Jack Dee: ‘I’m a positive energy kind of guy’

<span>Photograph: Suki Dhanda/the Observer</span>
Photograph: Suki Dhanda/the Observer

How did you get into standup?
I went to the Comedy Store in Leicester Square one night in 1986 as a punter and felt immediately that this was what I was supposed to be doing. Jeremy Hardy, Paul Merton and John Hegley were on. It felt like this new comedy scene had started without me. It so happened that it was an open mic night, and it sounds mad, but I asked the compere if I could go on. It was a baptism by fire but afterwards they offered me another try-out the following week. And so it began.

You recently made a documentary on Tony Hancock, a comedian who influenced you. Is there someone away from the world of comedy who inspired you?
My grandfather was a keen artist and I remember when I was young, he showed me a painting of a zebra. It was just black stripes on white paper but I remember him saying how much he admired what the artist doesn’t do in order to tell you that it’s a zebra. I’ve always tried to make my standup like that – creating a picture that tells you much more than the words you use.

Where do you find your material?
The best material is when you pull something from thin air and it works with your audience. It’s silly and pointless but for some reason gets a big laugh. You find it by always being available to that moment.

Do you have any pre-show rituals?
Whenever a ritual starts to embed itself, I try to get rid of it before it becomes an obsession. Otherwise you start to attribute success or failure to irrelevances such as the colour of your socks. However, a good routine (slightly different) is essential for efficiently getting your mind into the zone of what you are doing.

Can you recall a gig so bad, it’s now funny?
For reasons that only he can account for, my agent once booked me to do a gig inside Perth prison. The warden cheerfully told us (Sean Hughes and Rob Newman were similarly mystified to find themselves on the bill) that most of the audience were “re-murderers”. This meant, as he explained in his doleful Scottish accent, that they had: “Murdered, done time, got out and murdered again.” And so it was, for our own safety, that the lights had to be on the audience instead of the stage.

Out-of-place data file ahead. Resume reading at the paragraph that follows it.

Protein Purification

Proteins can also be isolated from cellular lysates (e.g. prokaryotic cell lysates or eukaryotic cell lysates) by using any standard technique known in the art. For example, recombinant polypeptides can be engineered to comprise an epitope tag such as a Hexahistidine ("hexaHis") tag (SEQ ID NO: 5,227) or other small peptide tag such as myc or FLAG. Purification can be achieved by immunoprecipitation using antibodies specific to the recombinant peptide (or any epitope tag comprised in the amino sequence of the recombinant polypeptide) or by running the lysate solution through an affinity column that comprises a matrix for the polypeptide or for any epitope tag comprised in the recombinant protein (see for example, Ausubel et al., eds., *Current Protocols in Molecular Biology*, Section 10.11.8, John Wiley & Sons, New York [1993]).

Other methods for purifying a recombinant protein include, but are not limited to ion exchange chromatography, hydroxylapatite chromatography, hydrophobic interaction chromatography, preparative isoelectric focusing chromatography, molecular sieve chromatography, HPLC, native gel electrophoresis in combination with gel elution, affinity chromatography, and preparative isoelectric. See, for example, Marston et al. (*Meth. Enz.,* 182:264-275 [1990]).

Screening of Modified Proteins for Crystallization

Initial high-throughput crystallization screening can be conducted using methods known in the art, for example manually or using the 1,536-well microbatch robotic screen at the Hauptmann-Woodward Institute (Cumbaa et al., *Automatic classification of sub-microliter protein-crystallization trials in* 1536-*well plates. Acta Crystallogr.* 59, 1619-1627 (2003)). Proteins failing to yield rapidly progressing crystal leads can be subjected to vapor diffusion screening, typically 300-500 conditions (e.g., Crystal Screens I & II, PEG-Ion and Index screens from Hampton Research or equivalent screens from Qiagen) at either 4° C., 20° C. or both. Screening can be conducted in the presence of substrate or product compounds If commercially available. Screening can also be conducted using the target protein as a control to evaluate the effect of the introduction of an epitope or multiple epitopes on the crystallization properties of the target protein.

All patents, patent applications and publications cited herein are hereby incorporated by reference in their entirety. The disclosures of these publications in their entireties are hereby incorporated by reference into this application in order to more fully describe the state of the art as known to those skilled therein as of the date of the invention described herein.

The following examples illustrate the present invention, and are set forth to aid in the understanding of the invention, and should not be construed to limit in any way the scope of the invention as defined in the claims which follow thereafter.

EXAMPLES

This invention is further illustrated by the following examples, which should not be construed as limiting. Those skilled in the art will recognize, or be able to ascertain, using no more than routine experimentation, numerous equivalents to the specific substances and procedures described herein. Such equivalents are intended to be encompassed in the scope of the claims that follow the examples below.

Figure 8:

Best heckle?
It was at the aforementioned “gig” that I started a tried and tested routine saying, “I was on the bus the other day …” at which point someone from the back shouted “Lucky you!” Tough crowd.

Best advice you’ve ever received?
“I wouldn’t.” (Jane, my wife, when I told her I’d been asked to play Perth prison).

Do you have any regrets?
Not listening to Jane more.

To celebrate the 50th anniversary of I’m Sorry I Haven’t a Clue, you’re taking it on a national tour. What can audiences expect?
It’s a greatest hits show so we do many of our favourite gags, rounds and sketches. The material changes from town to town and for me, it’s great because it’s so nice to work with other comedians instead of being a one-man band. The cast includes Rory Bremner, Marcus Brigstocke, Pippa Evans, Tony Hawks and Milton Jones as well as Colin Sell on the piano and of course Samantha who scores every night.

Throughout your career, you’ve done standup, writing, acting, documentary-making and reality TV. What’s next for you?
I’m doing a podcast soon with Seann Walsh called Oh My Dog. Partly because we both have a dog and wanted to explore what that’s all about, but mostly because we felt that there aren’t enough podcasts being made by comedians and we wanted to try to put that right.

Any bugbears from the world of comedy currently?
Not from me. I’m a positive energy kind of guy.

I’m Sorry I Haven’t a Clue is on tour. Oh My Dog will be available from 6 March on Apple Podcasts.